Simon Wiess first visited Texas in 1833 and by 1836 was Deputy Collector of Customs for the Republic of Texas at Camp Sabine (now the town of Sabine Pass) near the border of Texas and Louisiana. It was a military post of the United States at that time.
He purchased the Old Stone Fort built by the Spaniards in 1779 and operated a trading post in it. William Sturrock later purchased the fort from Simon. The fort has been rebuilt and is now a tourist attraction in Nacogdoches.
He became a Neches River cotton broker at Wiess Bluff, Jasper County, in December 1839 after having operated unsuccessful stores at Nacogdoches, Beaumont, and Port Neches between 1836 and 1839.
In 1840, he loaned Sherod and Solomon Wright $500, presumably for improvements to their settlement at Pinetucky, which ran along the Wiess Bluff-Jasper Road near Sherod Wright's homestead. Pinetucky was later named Magnolia Springs.
By 1843 he was operating a peck mill at Wiess' Bluff to chip the bark from logs and square the timbers. It was the beginning of the area's early lumber business, which would make his sons and other Beaumonters wealthy. Just before the turn of the century, his sons owned the Reliance Lumber Company which was soon cutting 20 to 50 million feet of lumber per year -- the largest enterprise in Beaumont and one of the largest sawmills in the world.
He was appointed postmaster at the post office in Patillo, Jefferson county, Texas beginning December 9, 1852 and then, July 21, 1853, at Wiess' Bluff.
He wrote the following letter of admonition to his sons:
" Wiess' Bluff, January 1, 1866
"My dear boys:
"As you have just started in business, I think it is my duty to give you a little advice, and with the hope that you will take it, observe it, for your own good. 1st, do not force, or persuade anyone to buy your goods; 2nd, have but one price; 3rd, open no liquors to be drunk in your store; 4th, credit no one; 5th, don't make your store a harbor for loafers and idlers; 6th, spend your leisure hours in reading and in the best society; 7th, don't be discouraged even should the times be dull -- hold on and you will prosper in due time; 8th, stand to all your contracts. I have committed (in business) several errors which I hope to prevent in you, if you will avail yourselves of my advice; 9th, you will lose custom and character if you permit drinking in your establishment. These are my injunctions as well as judge Wingate's to you. Should you fail or not, heed our advice which is all intended for your good.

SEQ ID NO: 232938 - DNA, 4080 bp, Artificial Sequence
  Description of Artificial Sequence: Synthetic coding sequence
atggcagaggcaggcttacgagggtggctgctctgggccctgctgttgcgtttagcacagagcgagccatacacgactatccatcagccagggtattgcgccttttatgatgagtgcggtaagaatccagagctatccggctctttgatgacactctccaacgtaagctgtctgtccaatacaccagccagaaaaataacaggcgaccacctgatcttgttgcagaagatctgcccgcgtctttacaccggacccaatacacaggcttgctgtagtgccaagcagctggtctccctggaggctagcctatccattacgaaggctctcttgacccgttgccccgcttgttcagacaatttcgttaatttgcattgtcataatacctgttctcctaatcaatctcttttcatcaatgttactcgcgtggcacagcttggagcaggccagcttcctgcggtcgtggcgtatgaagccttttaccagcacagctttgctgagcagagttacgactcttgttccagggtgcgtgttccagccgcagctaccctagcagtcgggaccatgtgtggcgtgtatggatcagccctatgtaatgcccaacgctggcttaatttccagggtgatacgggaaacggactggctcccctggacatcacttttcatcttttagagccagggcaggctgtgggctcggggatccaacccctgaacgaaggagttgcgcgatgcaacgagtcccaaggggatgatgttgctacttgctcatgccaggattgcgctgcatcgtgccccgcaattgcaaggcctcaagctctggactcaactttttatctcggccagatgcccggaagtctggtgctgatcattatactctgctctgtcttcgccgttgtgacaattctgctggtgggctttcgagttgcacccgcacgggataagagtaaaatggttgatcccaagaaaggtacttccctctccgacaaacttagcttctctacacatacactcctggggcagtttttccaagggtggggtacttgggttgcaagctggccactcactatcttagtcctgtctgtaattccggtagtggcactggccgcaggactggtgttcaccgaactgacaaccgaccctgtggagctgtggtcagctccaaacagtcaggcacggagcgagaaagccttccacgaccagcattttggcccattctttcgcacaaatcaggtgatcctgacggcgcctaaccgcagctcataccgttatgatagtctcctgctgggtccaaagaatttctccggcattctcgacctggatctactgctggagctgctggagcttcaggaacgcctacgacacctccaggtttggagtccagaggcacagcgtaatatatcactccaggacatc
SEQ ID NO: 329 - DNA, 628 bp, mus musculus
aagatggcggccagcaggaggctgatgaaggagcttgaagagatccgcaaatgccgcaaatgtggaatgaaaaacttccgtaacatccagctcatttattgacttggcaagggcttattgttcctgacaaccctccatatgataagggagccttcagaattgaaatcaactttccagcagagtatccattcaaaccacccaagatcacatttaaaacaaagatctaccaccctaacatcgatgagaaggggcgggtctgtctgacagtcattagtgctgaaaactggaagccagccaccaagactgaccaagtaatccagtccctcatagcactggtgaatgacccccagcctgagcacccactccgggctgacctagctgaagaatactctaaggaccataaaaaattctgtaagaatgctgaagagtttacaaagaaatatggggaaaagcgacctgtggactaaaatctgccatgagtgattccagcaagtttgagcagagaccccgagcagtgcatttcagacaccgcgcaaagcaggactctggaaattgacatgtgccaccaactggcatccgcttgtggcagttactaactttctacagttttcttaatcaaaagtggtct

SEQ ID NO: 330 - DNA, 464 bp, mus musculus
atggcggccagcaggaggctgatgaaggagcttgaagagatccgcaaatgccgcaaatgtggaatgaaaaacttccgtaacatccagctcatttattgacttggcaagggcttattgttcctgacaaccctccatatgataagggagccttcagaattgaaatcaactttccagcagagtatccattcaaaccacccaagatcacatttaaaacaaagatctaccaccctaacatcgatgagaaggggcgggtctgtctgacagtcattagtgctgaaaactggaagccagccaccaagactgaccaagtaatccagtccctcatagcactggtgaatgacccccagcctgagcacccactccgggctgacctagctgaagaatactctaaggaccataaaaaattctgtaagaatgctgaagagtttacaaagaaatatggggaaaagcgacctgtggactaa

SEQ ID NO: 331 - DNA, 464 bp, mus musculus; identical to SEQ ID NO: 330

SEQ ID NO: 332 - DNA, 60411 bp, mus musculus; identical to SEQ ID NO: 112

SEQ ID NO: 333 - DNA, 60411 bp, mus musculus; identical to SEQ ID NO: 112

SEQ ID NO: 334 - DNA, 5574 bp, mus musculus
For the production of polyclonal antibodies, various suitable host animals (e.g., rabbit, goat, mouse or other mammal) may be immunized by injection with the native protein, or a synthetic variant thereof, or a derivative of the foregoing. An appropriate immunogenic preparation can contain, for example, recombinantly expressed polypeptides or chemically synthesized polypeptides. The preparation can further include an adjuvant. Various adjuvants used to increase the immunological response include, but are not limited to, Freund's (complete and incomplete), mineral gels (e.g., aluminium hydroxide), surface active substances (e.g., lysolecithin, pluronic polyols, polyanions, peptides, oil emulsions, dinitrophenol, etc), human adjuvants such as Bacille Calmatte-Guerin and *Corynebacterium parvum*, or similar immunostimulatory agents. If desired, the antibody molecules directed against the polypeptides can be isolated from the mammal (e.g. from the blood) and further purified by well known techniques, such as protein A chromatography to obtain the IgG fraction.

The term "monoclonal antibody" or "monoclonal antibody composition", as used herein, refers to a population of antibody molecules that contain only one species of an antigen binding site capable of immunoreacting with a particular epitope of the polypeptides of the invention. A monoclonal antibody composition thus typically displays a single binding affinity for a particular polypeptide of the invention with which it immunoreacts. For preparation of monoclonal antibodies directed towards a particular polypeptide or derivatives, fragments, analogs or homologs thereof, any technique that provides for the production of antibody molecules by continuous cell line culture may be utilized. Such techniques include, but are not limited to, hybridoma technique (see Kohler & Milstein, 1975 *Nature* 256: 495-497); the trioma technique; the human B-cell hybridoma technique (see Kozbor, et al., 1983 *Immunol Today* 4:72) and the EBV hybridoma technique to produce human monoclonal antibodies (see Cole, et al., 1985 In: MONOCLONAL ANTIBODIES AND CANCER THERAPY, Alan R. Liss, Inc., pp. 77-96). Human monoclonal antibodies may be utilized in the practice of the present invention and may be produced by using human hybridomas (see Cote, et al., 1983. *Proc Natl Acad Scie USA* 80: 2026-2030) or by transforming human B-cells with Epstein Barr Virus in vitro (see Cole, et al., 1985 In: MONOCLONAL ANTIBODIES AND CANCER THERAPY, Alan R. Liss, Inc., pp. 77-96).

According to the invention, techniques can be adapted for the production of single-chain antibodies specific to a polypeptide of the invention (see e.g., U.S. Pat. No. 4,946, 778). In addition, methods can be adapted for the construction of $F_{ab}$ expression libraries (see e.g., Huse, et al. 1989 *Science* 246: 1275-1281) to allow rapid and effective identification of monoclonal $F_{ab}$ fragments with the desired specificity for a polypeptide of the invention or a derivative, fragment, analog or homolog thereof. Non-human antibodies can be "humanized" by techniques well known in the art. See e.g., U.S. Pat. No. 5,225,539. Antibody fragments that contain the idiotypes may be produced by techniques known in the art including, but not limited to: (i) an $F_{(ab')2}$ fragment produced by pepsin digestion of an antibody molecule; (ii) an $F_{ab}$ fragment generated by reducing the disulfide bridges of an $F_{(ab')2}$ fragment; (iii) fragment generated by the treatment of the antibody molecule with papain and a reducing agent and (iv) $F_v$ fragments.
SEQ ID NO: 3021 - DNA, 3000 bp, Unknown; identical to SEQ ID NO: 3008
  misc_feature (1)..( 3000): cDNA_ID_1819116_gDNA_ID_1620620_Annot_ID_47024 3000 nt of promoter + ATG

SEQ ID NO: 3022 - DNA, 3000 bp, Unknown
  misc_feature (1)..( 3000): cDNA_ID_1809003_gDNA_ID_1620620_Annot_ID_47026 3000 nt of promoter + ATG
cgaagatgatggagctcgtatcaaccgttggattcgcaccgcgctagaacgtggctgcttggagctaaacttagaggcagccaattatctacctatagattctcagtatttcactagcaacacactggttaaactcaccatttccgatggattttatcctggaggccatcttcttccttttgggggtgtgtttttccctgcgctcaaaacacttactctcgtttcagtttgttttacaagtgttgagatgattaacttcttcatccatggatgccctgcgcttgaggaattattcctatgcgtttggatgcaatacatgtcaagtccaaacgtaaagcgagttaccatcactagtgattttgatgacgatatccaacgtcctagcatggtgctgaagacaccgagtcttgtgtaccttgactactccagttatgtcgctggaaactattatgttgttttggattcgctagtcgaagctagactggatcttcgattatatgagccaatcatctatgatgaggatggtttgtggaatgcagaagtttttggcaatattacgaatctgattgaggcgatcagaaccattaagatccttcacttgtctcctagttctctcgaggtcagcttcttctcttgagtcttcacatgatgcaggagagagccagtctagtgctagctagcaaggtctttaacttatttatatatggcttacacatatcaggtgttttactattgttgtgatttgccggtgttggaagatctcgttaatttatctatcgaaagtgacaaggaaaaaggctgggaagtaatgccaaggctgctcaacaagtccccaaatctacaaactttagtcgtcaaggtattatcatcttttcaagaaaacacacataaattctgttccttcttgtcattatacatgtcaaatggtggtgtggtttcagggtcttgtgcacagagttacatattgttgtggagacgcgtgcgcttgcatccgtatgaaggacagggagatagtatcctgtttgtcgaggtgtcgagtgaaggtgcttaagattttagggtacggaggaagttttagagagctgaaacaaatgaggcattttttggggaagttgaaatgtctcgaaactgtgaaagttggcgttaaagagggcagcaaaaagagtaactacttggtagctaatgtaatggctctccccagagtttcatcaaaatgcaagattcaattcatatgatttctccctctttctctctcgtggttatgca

"In conclusion, I will say to you that my anxiety for your welfare and prosperity has prompted me to give you this advice -- I show this to your mother and she joins me in these admonitions to you and we will pray for your happiness and welfare.
"Don't hesitate to say No on all proper occasions, as it will save you many dollars and much disappointment. It is my desire that you preserve these lines as a token of admonition.
"And wishing you a happy New Year and may God bless you is the prayer of your affectionate father
Simon Wiess"
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No record has been found of Simon's parents or of his early years in Lublin, Poland. Pat Blue quotes Dr. Hooks' book "Be What You Seem to Be! A History of William Hooks", pp 154-155, which alleges Simon changed his last name from Weiss to Wiess. Carol Bromley, on April 26, 1999, said that Simon's family name was changed from "WIESHAUN" which means "white house", and that she was told this by Lucille McGaffey (possibly Carol's grand-aunt Lucille Wiess McGaffey?). A Simon Wietska has a birth record from Lublin Poland from the year 1800, father Simon Wietska and mother Agnes Lisouona (LDS microfilm 937, #494). The month and date are unclear, but appear to be Jan 1.) - See more at: http://mykindred.com/cloud/TX/getperson.php?personID=I1444&tree=mykindred01#sthash.eOr8T1Sk.dpuf


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  • Created by: Homer King
  • Added: 6 Jul 2011
  • Find a Grave Memorial 72944083
  • Find a Grave, database and images (https://www.findagrave.com : accessed ), memorial page for Simon W. Wiess (1 Jan 1800–13 Aug 1868), Find a Grave Memorial no. 72944083, citing Weiss Cemetery, Jasper County, Texas, USA ; Maintained by Homer King (contributor 47410672) .